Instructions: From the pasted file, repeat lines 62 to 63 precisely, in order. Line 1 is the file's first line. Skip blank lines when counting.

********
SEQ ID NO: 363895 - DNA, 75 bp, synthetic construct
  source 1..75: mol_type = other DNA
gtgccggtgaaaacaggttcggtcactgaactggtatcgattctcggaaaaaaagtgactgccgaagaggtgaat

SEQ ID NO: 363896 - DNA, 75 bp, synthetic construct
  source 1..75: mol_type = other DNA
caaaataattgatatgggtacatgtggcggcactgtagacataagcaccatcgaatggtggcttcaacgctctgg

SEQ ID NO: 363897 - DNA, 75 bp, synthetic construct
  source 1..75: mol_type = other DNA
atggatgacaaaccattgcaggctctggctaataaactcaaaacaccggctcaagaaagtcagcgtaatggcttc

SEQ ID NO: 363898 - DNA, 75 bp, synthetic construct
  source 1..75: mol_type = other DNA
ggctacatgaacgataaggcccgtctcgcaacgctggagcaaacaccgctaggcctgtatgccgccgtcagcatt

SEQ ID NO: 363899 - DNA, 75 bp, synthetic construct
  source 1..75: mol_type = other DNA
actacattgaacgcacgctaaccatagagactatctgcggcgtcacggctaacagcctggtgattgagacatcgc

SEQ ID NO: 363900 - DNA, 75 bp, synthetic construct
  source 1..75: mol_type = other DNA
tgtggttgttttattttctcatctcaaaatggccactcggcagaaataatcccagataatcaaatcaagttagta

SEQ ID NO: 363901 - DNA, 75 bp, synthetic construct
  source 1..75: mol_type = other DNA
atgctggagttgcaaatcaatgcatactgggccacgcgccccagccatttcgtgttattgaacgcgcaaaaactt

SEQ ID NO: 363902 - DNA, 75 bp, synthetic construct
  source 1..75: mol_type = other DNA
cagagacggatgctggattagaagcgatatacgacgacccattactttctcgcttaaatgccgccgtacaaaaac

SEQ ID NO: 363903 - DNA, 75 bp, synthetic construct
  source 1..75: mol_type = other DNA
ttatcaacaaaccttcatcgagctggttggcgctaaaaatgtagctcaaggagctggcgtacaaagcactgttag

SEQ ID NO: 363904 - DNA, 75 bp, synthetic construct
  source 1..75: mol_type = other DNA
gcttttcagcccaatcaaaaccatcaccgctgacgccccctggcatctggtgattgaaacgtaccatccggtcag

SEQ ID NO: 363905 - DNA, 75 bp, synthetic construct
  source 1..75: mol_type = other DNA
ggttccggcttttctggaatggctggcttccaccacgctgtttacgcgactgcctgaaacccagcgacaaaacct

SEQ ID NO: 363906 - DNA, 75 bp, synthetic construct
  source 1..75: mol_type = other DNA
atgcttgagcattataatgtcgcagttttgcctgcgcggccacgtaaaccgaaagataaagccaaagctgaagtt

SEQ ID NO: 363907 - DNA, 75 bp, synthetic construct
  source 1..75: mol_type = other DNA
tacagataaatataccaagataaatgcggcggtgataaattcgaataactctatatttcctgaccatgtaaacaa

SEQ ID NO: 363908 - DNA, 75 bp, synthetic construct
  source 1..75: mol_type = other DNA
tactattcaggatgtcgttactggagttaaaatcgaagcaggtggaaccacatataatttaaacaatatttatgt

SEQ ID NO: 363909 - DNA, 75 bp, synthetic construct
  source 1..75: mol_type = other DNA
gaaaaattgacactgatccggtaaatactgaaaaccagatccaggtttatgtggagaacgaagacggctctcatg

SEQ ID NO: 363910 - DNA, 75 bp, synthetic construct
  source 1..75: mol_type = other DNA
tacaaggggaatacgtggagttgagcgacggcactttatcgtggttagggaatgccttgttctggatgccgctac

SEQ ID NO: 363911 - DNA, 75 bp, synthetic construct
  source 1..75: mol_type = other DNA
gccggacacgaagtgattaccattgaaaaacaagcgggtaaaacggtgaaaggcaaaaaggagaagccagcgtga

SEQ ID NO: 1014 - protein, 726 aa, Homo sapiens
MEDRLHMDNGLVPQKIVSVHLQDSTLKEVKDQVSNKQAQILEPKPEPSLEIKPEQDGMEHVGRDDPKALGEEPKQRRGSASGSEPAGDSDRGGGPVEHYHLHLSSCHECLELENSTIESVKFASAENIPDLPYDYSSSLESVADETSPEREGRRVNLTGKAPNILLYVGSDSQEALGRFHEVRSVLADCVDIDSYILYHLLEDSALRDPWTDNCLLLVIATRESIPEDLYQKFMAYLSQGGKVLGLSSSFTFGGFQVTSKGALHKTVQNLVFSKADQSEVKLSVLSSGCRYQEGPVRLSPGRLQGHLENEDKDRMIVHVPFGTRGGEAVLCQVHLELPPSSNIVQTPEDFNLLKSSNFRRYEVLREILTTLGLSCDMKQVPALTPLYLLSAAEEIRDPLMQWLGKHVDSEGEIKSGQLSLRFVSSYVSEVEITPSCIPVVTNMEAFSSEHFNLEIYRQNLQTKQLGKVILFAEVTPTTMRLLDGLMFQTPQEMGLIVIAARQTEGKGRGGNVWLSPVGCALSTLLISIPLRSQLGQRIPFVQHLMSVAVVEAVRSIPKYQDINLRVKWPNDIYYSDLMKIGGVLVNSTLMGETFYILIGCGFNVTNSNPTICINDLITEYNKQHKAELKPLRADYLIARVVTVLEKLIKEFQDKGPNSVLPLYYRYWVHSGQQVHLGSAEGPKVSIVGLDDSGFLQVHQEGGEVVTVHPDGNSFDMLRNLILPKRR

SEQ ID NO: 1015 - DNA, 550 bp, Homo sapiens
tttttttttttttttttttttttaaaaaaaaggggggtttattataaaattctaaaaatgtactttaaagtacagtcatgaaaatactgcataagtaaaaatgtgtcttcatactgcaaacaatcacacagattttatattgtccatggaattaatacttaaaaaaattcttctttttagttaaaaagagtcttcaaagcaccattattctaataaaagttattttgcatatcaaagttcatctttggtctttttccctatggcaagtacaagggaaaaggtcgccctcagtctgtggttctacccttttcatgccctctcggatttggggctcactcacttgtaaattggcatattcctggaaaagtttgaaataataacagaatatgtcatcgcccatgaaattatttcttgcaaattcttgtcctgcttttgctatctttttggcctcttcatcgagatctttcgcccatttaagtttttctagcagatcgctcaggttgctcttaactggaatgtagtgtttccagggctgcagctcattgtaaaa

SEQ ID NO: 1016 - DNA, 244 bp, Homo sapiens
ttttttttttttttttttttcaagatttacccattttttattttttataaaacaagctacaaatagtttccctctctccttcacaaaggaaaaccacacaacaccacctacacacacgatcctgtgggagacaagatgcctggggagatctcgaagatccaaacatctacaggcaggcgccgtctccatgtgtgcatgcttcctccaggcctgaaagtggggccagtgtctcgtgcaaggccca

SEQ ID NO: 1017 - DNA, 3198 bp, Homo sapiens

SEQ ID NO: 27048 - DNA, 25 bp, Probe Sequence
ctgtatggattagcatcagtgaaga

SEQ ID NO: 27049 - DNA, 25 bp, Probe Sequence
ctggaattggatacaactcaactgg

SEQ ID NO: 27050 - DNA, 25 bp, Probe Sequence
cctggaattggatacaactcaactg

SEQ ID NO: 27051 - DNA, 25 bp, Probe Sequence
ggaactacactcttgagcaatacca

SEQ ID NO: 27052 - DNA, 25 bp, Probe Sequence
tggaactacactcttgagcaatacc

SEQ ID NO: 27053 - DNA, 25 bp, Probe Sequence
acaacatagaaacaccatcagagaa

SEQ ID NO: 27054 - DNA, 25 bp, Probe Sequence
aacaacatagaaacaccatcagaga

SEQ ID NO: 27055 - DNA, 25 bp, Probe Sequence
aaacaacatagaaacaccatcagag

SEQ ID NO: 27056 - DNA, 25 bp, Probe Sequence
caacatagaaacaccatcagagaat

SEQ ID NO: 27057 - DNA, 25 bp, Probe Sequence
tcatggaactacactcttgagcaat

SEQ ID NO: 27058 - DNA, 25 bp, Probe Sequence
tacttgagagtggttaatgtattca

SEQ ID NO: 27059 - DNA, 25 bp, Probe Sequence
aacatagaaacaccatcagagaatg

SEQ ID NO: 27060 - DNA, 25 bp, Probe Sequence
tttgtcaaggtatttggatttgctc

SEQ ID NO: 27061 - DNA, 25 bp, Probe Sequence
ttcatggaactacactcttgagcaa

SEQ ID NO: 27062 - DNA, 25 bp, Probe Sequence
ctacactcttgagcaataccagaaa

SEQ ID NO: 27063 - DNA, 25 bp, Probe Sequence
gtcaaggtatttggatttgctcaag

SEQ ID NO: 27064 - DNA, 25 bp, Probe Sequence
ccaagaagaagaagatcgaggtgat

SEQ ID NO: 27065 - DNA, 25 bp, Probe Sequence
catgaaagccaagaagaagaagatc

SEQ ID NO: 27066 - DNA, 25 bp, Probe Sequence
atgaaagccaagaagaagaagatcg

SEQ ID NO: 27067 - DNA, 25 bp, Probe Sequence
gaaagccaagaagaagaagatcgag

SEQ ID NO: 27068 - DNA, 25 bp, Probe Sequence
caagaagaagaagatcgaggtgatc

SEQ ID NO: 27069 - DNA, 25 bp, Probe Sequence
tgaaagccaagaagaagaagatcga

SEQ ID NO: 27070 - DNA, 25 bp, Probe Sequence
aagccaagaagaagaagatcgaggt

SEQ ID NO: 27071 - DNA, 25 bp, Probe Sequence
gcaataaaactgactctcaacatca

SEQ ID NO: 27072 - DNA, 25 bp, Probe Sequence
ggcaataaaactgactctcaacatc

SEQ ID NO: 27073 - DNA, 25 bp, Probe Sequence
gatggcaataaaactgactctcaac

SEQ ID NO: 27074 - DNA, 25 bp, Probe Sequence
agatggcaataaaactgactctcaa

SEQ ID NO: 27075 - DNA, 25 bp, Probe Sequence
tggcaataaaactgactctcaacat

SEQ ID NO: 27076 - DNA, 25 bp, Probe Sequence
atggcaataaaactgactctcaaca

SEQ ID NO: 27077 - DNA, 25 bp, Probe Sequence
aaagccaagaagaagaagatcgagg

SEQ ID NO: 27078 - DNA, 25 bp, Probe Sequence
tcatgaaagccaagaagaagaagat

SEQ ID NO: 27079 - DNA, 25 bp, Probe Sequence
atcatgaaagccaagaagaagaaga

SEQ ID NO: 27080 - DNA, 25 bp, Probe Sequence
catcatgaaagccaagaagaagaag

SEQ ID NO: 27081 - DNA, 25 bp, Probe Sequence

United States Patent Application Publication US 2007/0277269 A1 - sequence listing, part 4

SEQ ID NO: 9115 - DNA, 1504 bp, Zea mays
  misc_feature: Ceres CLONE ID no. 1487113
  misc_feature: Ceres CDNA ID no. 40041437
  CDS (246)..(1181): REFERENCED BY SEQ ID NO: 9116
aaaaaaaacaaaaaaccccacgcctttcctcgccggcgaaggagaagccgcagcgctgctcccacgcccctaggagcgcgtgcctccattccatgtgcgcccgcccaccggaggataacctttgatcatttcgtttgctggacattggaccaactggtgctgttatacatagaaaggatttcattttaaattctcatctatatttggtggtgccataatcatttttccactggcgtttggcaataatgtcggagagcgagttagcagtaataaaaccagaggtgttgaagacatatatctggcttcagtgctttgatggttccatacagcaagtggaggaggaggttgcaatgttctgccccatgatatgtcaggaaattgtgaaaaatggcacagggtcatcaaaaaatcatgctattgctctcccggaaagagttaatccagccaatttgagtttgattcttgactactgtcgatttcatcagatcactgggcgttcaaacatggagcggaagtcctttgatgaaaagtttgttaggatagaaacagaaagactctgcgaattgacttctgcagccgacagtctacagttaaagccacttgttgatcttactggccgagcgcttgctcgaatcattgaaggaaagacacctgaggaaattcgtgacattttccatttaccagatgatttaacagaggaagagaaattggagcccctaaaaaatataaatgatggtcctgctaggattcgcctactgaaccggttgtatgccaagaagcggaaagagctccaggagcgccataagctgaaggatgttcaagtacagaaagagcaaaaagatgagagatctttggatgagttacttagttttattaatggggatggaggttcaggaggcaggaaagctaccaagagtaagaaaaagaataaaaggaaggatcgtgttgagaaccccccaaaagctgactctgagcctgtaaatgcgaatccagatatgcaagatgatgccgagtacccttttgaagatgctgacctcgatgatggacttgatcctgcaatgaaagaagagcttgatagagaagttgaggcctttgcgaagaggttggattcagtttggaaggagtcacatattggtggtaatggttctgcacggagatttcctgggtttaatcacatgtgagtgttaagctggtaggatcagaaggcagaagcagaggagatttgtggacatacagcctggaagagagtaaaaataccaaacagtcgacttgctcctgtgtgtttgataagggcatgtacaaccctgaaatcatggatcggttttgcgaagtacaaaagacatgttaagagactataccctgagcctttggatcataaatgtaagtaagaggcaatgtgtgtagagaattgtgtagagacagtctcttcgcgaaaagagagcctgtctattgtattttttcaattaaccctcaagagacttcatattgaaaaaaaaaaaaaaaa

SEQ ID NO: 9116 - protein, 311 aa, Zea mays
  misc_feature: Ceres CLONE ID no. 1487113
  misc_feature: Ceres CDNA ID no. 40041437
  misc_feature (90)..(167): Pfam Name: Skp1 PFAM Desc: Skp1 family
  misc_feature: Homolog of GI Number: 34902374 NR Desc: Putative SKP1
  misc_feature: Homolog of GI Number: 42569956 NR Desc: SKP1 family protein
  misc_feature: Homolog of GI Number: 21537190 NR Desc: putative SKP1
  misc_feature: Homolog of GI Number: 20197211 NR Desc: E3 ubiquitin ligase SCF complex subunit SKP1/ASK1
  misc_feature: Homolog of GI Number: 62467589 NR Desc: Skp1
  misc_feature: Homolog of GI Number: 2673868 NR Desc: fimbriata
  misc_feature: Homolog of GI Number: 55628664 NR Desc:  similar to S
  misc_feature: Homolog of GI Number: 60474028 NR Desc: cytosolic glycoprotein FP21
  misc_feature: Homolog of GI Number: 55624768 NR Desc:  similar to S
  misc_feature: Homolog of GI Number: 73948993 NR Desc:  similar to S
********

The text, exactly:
ctggaattggatacaactcaactgg

SEQ ID NO: 27050 - DNA, 25 bp, Probe Sequence